Subscribers to Juiced.GS are now receiving the December 2011 issue, which features a back-cover photo of a unique holiday creation: an original, miniature Apple IIe ornament. My quarterly editorial details how it came into my possession — but there’s much more to know about this gift than can be found in that issue.
For one, this ornament is exquisitely detailed. The monitor features a single stitch of a different color, representing the on/off button. What appears to be a loose thread on the back is in fact the power cord. And the keyboard has a larger stitch for the spacebar (even if the correct number of rows couldn’t fit, this feature did!). Some of these details are more visible in these additional photos — take a look, then keep reading for more info.
I chose to make this in plastic canvas because my mom always made projects out of it when I was growing up, it’s relatively easy to make almost any shape you want, and the grid-like nature of it was perfect for old-style graphics. I used to map out my graphics programs on graph paper (like the tree) and mapped out this pattern as well before I put it into the pattern program. I found out that plastic canvas started being used in the ’70s as well, so it seems like a very appropriate medium.
This same artist was mentioned in the December episode of the Open Apple podcast as once having experimented with programming an Apple II. Podcast guest Rob Kenyon asked for some of those efforts to be released. Fulfilling his wish and in keeping with the theme of the above ornament, Juiced.GS is now also publishing a disk image with two of Sarah’s Applesoft BASIC programs: one each for Christmas and New Year’s.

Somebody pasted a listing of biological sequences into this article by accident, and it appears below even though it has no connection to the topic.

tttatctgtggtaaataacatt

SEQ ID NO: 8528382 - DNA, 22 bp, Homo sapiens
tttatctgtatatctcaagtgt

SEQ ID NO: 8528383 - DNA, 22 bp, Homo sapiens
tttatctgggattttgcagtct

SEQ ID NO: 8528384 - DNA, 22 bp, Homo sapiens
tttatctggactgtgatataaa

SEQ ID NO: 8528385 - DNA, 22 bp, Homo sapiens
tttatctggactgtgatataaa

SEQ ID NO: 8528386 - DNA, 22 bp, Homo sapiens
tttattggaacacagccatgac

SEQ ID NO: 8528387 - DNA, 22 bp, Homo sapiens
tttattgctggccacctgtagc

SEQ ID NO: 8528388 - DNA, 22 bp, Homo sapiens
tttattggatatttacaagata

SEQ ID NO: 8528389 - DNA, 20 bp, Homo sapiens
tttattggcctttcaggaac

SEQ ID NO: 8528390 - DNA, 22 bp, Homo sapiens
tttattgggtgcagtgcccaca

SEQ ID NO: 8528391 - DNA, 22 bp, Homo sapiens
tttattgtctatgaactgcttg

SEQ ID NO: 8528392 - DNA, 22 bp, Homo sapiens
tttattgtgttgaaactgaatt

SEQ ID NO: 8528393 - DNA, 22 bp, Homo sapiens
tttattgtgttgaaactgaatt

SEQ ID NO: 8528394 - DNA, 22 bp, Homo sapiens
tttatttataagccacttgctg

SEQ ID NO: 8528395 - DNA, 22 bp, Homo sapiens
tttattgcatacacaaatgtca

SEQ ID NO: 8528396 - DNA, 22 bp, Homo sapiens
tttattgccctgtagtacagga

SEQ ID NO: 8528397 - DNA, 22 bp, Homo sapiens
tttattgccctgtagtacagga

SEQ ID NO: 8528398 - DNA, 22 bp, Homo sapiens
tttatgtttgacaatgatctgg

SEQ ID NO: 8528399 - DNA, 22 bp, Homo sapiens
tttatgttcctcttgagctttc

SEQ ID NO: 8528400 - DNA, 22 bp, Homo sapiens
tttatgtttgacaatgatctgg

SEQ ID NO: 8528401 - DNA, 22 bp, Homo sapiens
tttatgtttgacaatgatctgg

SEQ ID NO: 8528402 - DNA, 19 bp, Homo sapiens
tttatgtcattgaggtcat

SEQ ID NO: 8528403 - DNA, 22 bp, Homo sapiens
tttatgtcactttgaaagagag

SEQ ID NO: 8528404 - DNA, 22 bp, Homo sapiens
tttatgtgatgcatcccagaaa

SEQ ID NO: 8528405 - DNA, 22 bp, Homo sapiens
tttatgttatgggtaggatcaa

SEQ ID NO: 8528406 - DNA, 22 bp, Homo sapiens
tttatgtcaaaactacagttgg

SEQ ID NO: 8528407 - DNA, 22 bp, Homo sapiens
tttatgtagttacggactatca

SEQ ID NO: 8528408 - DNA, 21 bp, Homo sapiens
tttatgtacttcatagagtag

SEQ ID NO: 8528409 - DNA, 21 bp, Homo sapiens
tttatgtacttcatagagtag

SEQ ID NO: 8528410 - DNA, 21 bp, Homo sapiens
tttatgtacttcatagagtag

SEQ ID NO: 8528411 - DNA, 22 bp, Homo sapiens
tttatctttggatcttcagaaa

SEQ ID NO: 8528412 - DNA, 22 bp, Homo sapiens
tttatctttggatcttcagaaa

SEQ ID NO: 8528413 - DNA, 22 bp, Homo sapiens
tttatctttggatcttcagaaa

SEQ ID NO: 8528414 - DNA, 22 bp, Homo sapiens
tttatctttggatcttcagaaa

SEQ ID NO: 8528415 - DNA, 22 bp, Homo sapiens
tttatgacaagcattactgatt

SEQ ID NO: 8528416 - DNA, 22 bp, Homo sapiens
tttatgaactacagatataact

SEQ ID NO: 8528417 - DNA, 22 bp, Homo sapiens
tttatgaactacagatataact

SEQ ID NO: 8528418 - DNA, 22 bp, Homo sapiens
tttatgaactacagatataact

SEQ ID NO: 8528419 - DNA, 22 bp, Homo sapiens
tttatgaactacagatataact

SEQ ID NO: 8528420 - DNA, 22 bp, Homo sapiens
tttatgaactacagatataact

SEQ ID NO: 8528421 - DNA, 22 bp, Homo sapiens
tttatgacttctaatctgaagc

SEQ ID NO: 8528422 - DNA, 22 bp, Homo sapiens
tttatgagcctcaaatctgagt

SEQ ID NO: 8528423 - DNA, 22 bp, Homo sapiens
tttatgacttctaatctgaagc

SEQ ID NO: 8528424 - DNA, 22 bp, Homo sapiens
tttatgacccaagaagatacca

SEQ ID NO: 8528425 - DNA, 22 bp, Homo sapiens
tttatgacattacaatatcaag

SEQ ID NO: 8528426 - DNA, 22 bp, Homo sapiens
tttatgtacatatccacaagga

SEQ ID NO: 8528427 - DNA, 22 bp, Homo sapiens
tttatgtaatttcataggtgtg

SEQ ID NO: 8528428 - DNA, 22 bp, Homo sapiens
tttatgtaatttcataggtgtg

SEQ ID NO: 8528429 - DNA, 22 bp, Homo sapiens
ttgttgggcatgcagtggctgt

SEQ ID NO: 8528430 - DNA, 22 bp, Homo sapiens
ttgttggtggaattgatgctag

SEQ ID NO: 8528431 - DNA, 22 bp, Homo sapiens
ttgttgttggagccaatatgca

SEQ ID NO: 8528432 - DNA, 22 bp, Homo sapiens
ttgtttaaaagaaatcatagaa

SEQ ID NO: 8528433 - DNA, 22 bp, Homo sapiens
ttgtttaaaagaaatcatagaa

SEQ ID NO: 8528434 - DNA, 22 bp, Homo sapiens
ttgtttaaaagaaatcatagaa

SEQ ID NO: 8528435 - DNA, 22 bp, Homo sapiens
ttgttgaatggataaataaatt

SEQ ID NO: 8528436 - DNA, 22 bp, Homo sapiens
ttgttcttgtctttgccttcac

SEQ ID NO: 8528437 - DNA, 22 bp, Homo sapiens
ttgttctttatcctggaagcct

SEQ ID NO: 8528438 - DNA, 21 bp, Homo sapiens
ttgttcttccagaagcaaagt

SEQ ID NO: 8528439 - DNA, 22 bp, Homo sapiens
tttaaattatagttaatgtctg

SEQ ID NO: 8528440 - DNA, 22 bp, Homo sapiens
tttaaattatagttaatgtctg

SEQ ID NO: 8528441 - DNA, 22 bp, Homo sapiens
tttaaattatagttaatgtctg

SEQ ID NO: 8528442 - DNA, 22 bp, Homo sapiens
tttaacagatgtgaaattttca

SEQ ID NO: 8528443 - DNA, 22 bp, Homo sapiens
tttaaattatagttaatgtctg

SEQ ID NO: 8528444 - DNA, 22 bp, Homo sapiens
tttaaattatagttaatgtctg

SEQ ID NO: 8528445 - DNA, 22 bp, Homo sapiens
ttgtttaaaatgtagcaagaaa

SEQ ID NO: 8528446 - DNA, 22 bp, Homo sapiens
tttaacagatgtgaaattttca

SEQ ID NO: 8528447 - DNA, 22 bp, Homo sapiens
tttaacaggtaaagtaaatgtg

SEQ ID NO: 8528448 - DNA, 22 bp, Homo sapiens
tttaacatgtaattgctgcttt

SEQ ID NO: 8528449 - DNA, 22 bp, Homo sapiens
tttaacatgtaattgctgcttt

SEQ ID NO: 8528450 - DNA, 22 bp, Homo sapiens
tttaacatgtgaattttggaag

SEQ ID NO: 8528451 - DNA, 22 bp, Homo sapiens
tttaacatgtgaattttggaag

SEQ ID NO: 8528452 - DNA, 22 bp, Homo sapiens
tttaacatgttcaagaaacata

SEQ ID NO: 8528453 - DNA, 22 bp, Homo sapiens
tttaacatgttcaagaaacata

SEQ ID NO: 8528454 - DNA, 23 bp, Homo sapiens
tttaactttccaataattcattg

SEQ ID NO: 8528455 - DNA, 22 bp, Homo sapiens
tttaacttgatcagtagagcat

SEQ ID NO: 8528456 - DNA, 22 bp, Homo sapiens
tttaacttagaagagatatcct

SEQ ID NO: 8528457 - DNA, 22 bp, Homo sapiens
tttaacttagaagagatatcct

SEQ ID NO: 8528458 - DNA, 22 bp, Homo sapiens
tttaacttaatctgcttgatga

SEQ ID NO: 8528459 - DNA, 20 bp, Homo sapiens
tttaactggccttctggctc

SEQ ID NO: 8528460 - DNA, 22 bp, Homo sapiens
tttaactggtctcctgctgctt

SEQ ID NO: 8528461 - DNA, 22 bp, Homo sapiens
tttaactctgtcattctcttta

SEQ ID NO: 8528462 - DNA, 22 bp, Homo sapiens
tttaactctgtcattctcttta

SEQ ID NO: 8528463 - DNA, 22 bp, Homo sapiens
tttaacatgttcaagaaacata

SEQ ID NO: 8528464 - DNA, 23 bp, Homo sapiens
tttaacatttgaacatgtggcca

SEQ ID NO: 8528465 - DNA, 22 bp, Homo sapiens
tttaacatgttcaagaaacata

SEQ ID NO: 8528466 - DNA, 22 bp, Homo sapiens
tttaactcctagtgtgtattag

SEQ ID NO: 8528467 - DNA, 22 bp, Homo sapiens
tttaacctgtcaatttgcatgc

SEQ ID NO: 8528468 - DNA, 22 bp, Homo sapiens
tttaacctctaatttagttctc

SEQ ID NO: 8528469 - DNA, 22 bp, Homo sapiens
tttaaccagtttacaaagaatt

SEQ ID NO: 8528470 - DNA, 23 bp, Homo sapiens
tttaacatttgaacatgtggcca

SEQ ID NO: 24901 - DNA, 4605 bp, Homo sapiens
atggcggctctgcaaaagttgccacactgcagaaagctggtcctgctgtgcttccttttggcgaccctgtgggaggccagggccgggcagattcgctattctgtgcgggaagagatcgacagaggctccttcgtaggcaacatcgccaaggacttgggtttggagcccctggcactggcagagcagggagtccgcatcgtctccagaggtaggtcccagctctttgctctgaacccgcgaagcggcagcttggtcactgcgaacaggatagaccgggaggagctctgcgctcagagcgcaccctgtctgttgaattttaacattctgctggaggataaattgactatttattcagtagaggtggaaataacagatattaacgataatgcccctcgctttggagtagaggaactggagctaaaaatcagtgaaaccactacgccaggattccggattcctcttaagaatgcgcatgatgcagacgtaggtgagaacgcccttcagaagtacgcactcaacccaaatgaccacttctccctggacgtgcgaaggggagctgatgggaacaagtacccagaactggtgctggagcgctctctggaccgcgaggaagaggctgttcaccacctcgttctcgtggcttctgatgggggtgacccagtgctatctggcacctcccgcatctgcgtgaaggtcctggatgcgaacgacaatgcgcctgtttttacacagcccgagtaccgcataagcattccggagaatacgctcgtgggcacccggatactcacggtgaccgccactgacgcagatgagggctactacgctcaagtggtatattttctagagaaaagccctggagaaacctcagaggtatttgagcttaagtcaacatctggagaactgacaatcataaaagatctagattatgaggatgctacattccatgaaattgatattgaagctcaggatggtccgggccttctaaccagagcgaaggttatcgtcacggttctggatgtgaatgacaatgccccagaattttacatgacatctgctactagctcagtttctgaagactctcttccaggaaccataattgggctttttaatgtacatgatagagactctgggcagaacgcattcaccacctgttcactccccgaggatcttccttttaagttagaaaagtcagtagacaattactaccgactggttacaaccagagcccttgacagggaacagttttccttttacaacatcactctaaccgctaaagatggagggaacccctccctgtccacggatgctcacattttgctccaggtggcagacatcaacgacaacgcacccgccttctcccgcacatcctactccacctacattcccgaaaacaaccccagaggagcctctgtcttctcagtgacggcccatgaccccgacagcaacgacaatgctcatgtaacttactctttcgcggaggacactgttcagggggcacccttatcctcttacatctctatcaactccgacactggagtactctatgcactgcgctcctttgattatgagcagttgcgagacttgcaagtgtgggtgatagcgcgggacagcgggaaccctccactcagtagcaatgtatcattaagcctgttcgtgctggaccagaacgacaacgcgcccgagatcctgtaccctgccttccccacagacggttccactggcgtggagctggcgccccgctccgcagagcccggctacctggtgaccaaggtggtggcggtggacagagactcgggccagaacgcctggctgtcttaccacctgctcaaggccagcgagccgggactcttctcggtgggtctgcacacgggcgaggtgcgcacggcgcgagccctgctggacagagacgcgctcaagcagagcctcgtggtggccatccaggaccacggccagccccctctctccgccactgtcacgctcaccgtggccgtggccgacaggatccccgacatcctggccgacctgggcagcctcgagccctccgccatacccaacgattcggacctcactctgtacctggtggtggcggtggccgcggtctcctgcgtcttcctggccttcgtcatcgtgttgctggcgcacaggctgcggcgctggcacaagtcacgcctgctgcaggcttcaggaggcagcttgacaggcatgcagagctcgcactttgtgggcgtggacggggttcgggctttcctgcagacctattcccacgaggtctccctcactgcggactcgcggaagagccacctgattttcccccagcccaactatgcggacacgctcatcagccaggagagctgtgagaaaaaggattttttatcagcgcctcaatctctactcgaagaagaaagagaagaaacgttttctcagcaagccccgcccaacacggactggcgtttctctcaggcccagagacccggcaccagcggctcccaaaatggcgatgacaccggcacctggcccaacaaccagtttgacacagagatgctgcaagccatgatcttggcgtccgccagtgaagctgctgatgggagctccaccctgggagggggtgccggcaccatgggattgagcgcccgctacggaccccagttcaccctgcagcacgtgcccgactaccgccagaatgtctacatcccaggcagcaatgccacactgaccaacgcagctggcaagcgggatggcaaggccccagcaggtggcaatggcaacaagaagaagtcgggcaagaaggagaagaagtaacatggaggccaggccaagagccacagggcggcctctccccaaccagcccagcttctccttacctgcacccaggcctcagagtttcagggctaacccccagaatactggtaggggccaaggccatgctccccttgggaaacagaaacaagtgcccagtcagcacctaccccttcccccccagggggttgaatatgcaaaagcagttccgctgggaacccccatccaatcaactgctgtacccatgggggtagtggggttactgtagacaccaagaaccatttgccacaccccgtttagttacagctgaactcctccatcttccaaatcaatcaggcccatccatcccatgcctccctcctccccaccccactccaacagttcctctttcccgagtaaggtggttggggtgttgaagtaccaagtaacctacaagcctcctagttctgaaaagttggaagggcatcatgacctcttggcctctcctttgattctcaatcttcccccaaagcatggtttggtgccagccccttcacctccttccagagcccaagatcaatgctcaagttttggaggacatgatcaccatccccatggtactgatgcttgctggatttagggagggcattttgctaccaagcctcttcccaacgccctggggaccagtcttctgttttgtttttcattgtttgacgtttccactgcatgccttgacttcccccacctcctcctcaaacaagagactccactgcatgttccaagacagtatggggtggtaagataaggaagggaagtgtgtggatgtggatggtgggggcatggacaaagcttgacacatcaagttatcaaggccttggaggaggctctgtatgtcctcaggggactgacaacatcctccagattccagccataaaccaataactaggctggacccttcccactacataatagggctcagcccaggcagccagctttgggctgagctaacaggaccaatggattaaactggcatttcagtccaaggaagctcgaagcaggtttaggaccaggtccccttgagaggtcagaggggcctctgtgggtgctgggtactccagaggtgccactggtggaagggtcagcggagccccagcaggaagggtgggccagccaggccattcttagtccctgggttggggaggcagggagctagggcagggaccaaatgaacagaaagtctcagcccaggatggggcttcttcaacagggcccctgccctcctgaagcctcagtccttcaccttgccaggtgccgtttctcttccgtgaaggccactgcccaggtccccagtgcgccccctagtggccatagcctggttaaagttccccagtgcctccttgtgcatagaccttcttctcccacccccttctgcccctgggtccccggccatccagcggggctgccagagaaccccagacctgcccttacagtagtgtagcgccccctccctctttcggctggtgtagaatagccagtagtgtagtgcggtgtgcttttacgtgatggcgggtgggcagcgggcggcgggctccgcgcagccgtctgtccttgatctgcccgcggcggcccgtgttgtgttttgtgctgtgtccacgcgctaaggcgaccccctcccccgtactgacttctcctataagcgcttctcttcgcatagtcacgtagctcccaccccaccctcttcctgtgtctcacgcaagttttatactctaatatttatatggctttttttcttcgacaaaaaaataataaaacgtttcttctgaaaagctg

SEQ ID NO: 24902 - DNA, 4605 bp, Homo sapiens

I wrote these programs in junior high when I was learning about graphics. I used to map out drawings on graph paper. I believe I found the technique for using a variable to change colors from a book of programs. My computer teacher used to let me run these as “screen savers” before computer class.
It was really fun to view my old programs again. I was happy to see that they still worked, and it was fun to see them in color on an emulator. We only had a green monochrome monitor at home; I had to rely on books for color codes and tested them at school.
It might be a fun “reader challenge” to update the new year program since it’s now 20 years old! (YIKES)
These programs may be fairly typical of a nascent Apple II user, but they are also wonderful reminders of the possibilities that early computing awakened in many of us. Our thanks to Sarah for opening this part of her childhood to us — and for keeping the spirit alive through her embroidery work and sharing it with the world!